Among the stuff they lost in the fire was Sobera’s wedding sari, something a married woman always cherishes
Md Pintu and his wife, Sobera, had no idea that they would lose their belongings in fire just three months after tying the knot.
After their marriage, they started living in a shanty at Chalantika slum in the capital’s Mirpur which was ravaged by a devastating blaze on Friday.
Among the stuff they lost in the fire was Sobera’s wedding sari, something a married woman always cherishes.
“We were out and got in the house in the evening when someone suddenly started shouting ‘fire’. We rushed out of the house. All our dreams were burned in the fire,” Pintu, who works as a bus driver, told The Business Standard.
Around 12 years ago, 60-year-old Nasima Begum had to endure displacement after losing her house on the bank of the Meghna river in Bhola due to erosion.
Now she has lost her house again.
After the 2007 erosion washed away her Bhola house, Nasima came to Dhaka along with her husband Mokhlesur Rahman and two sons.
They started living in the Chalantika slum and Mokhlesur became a rickshaw-puller to make a living.
After a few years, Mokhlesur was no longer able to pull rickshaw due to illness and joined a grocery shop near the slum.
Nasima started sewing clothes at home to supplement her husband’s income.
Both her sons – Rakib and Rony – moved out after getting married.
“We started a new life in Dhaka after leaving Bhola and now we have lost everything. We were not at home when the fire broke out. We returned hurriedly after hearing about the inferno but could not save anything. Everything we had was burned in front of us,” the sexagenarian woman broke into tears.
The old couple now have to start over with some clothes and a scanty amount of money.
Most of the slum dwellers were in their hometowns because of the Eid-ul-Adha vacation when the fire swept through the shanty town on Friday evening. No one died in the accident but most of the slum dwellers had had all their possessions burned.
Jamila Akhter was lucky to be able to save a TV set, electric fans and a trunk. She carried those out of the house and stayed the whole night on a nearby road.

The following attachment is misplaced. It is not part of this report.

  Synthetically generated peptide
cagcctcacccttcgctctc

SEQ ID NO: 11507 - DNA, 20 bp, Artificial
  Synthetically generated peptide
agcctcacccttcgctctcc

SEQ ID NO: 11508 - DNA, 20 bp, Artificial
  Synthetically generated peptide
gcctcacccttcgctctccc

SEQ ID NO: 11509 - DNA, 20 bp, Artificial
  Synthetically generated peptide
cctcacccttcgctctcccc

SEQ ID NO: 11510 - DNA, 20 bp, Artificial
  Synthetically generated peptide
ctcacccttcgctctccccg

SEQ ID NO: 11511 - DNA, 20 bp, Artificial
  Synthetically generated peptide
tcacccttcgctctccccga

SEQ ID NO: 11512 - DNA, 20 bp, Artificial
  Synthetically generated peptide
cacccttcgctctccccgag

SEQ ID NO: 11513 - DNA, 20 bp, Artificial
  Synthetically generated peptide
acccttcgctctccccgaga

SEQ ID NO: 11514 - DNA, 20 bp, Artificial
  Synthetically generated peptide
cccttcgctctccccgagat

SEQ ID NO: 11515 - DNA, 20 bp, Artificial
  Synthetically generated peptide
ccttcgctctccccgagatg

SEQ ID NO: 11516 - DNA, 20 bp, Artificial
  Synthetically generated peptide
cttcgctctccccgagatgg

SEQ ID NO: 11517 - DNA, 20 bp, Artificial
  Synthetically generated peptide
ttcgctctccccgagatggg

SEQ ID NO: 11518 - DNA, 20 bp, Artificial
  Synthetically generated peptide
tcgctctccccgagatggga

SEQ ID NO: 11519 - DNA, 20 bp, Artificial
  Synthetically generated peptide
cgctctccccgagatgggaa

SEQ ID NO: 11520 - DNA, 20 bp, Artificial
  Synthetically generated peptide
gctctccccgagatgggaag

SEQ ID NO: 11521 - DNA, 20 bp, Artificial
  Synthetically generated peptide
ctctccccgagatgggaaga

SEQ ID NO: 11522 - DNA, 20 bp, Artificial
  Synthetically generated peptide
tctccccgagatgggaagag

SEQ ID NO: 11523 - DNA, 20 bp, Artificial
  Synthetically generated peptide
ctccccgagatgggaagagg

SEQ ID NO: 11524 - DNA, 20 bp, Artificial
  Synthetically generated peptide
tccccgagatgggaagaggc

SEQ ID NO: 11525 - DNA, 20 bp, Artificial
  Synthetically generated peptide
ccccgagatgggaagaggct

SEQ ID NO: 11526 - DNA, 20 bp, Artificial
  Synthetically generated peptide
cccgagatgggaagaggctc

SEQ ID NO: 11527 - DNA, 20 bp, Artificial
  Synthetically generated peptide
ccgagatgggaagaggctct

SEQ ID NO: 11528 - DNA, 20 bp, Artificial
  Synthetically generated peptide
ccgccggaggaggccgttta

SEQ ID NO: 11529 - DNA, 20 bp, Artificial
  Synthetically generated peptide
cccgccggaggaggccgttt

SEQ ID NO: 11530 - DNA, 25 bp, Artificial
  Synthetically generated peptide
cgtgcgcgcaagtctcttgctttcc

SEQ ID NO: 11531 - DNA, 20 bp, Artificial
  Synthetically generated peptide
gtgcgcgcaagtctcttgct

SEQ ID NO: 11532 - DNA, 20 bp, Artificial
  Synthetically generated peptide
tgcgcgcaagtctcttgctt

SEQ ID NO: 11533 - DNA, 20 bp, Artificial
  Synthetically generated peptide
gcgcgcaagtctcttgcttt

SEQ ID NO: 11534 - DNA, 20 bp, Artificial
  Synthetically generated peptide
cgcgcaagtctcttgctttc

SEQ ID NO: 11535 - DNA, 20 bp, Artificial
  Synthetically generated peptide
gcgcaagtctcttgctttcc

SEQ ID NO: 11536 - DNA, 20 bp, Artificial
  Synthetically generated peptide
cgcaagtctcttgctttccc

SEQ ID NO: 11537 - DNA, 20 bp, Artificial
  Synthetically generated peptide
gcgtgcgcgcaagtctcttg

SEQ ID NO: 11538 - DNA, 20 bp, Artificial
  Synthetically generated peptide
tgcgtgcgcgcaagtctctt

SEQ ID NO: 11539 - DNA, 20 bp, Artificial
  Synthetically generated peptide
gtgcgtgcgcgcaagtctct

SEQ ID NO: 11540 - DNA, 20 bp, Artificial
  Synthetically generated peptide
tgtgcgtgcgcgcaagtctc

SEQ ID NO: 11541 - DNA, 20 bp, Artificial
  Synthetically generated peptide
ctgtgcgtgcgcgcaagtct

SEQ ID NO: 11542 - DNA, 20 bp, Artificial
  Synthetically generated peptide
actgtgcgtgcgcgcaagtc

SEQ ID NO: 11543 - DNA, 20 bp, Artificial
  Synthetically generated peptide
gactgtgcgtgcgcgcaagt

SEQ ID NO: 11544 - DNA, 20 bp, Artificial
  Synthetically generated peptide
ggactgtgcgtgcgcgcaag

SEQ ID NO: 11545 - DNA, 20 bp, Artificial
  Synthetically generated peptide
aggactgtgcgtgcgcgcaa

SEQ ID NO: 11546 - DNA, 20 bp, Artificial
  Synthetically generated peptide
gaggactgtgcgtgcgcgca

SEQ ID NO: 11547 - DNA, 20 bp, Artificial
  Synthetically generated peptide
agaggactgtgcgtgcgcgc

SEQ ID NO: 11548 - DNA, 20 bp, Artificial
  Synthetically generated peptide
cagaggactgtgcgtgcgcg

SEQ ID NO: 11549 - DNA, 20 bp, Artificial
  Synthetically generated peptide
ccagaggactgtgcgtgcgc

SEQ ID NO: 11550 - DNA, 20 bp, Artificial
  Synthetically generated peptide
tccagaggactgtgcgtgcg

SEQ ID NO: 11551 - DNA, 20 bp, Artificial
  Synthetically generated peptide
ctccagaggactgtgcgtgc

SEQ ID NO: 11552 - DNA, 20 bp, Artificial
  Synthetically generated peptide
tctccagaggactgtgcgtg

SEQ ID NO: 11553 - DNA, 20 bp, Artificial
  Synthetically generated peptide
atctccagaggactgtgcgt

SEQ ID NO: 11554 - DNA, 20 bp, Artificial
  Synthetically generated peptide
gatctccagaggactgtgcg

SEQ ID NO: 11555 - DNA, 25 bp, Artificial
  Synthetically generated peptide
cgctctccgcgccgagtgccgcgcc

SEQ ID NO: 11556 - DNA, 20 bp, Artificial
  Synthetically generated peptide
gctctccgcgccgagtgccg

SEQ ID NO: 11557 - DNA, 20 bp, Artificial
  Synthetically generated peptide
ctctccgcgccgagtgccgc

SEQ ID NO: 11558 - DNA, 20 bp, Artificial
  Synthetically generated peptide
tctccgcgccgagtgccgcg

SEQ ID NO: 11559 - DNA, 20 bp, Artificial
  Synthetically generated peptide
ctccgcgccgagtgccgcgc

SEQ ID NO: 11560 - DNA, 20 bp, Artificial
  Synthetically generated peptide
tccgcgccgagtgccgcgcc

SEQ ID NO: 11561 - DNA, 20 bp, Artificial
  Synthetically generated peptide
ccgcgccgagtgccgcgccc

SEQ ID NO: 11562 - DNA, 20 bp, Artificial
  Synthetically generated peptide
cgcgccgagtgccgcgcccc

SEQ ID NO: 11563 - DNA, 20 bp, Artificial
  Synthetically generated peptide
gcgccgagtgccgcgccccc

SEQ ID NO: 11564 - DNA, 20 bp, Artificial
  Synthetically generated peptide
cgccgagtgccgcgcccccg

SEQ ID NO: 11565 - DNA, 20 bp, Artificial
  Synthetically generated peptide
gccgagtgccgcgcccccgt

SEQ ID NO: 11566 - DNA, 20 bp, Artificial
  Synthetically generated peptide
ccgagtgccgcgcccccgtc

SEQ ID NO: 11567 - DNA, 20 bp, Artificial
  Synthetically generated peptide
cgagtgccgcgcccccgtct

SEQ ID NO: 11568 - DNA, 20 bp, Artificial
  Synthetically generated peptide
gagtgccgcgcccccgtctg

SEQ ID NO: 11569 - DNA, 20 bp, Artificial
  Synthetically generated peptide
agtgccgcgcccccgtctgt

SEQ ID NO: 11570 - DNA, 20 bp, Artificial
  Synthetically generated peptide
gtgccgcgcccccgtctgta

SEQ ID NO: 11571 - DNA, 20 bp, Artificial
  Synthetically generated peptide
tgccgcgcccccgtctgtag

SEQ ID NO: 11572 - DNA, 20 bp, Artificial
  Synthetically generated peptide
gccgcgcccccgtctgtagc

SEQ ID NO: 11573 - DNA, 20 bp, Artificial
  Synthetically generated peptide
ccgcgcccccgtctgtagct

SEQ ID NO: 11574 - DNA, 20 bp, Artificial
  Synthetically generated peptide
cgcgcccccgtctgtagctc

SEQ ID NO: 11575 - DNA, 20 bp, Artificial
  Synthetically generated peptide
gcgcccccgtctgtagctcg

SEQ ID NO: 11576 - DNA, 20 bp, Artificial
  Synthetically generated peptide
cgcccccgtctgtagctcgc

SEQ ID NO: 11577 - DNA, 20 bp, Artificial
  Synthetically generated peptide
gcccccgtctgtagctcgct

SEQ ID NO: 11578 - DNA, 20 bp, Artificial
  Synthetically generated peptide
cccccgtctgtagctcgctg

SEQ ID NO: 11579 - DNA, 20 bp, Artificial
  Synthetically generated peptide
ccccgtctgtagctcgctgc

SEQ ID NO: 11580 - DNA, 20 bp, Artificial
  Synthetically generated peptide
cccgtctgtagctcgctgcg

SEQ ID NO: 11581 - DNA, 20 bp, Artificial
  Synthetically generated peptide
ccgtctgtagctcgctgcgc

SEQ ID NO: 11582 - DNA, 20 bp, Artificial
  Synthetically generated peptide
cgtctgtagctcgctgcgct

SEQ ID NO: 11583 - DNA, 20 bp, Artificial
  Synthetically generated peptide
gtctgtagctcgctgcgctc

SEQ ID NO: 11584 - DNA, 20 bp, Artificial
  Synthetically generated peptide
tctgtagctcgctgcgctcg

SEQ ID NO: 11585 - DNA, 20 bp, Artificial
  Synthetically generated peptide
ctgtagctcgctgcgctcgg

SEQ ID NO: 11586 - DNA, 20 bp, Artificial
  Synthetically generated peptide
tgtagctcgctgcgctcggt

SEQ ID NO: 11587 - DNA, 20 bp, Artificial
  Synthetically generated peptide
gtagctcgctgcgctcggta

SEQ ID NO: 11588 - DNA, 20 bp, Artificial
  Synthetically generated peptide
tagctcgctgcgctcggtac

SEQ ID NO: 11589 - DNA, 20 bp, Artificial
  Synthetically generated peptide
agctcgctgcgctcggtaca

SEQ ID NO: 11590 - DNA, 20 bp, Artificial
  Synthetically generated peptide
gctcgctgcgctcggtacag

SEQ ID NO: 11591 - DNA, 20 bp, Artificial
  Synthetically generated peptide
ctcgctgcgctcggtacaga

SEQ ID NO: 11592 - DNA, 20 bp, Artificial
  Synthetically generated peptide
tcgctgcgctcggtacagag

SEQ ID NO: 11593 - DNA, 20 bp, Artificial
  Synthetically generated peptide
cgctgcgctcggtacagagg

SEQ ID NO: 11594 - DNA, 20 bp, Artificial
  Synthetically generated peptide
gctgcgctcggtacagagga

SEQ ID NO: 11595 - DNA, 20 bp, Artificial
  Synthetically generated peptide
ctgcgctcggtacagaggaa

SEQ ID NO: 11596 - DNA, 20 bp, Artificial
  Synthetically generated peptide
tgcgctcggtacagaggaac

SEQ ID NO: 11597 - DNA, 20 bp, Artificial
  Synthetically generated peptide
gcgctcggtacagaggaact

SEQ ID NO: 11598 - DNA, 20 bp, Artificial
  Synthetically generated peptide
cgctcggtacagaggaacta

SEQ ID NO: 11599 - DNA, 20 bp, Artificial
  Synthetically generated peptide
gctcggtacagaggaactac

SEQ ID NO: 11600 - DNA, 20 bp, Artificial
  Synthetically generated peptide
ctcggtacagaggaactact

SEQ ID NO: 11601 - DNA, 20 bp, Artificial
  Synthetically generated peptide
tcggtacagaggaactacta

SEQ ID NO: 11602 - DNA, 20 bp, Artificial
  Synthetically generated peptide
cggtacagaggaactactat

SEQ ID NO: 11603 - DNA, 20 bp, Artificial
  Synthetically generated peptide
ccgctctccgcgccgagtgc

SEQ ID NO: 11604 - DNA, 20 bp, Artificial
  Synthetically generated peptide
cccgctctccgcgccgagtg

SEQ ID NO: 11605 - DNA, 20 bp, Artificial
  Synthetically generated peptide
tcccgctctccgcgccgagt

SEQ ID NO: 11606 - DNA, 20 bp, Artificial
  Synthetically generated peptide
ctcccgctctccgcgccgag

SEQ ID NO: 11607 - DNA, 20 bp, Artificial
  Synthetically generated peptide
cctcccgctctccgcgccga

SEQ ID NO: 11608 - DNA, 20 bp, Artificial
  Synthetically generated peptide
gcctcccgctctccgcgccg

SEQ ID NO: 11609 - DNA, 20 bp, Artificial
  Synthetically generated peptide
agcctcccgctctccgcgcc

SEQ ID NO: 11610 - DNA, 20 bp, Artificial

“I was lucky indeed because I could save those stuff. Most of the dwellers could not. When we returned to the slum on Saturday morning, we could not recognise the place. It resembled a graveyard,” Jamila said.
Most of the slum dwellers wept when they came to visit their shanties in the morning. Some tried to collect materials made of iron and steel from the ashes, and later sold those as scraps for Tk50 per kg.
“I sold my cot only for Tk150 even though I bought it for more than Tk4,000,” said Md Jahid who sold burned materials to a scrap dealer.
Controversy over extent of damage
Locals claimed that more than 5,000 families lost their homes in the fire, but the fire service put the number at 3,000.
The fire service authorities also said the fire burned some 600 shanties down.
Rezaul Karim, assistant director of the Fire Service and Civil Defense, said on Saturday the blaze destroyed around 500-600 houses.
“It will be nearly 6,000 people who lost everything but the authorities are not publishing the actual figure,” said Md Jasim who has been living in the slum since 2012.
The fire service said four people sustained injuries in the fire. The injured are receiving treatment in Shaheed Suhrawardy Medical College and Hospital.
Cause of fire still unknown
Fire service officials said they were yet to confirm what caused the fire.
A source said the fire broke out from a gas stove while someone was cooking. Another source said the fire might have originated from a short circuit before spreading quickly.
Abdullah Al Mamun, a volunteer of ActionAid Bangladesh who visited the scene, said: “We have seen many burned gas cylinders. Those might be responsible for the fire.”
The fire service formed a probe body to investigate the incident and the committee is working on calculating the extent of damage.
“The committee has been asked to submit the report within 15 working days,” said Rezaul Karim.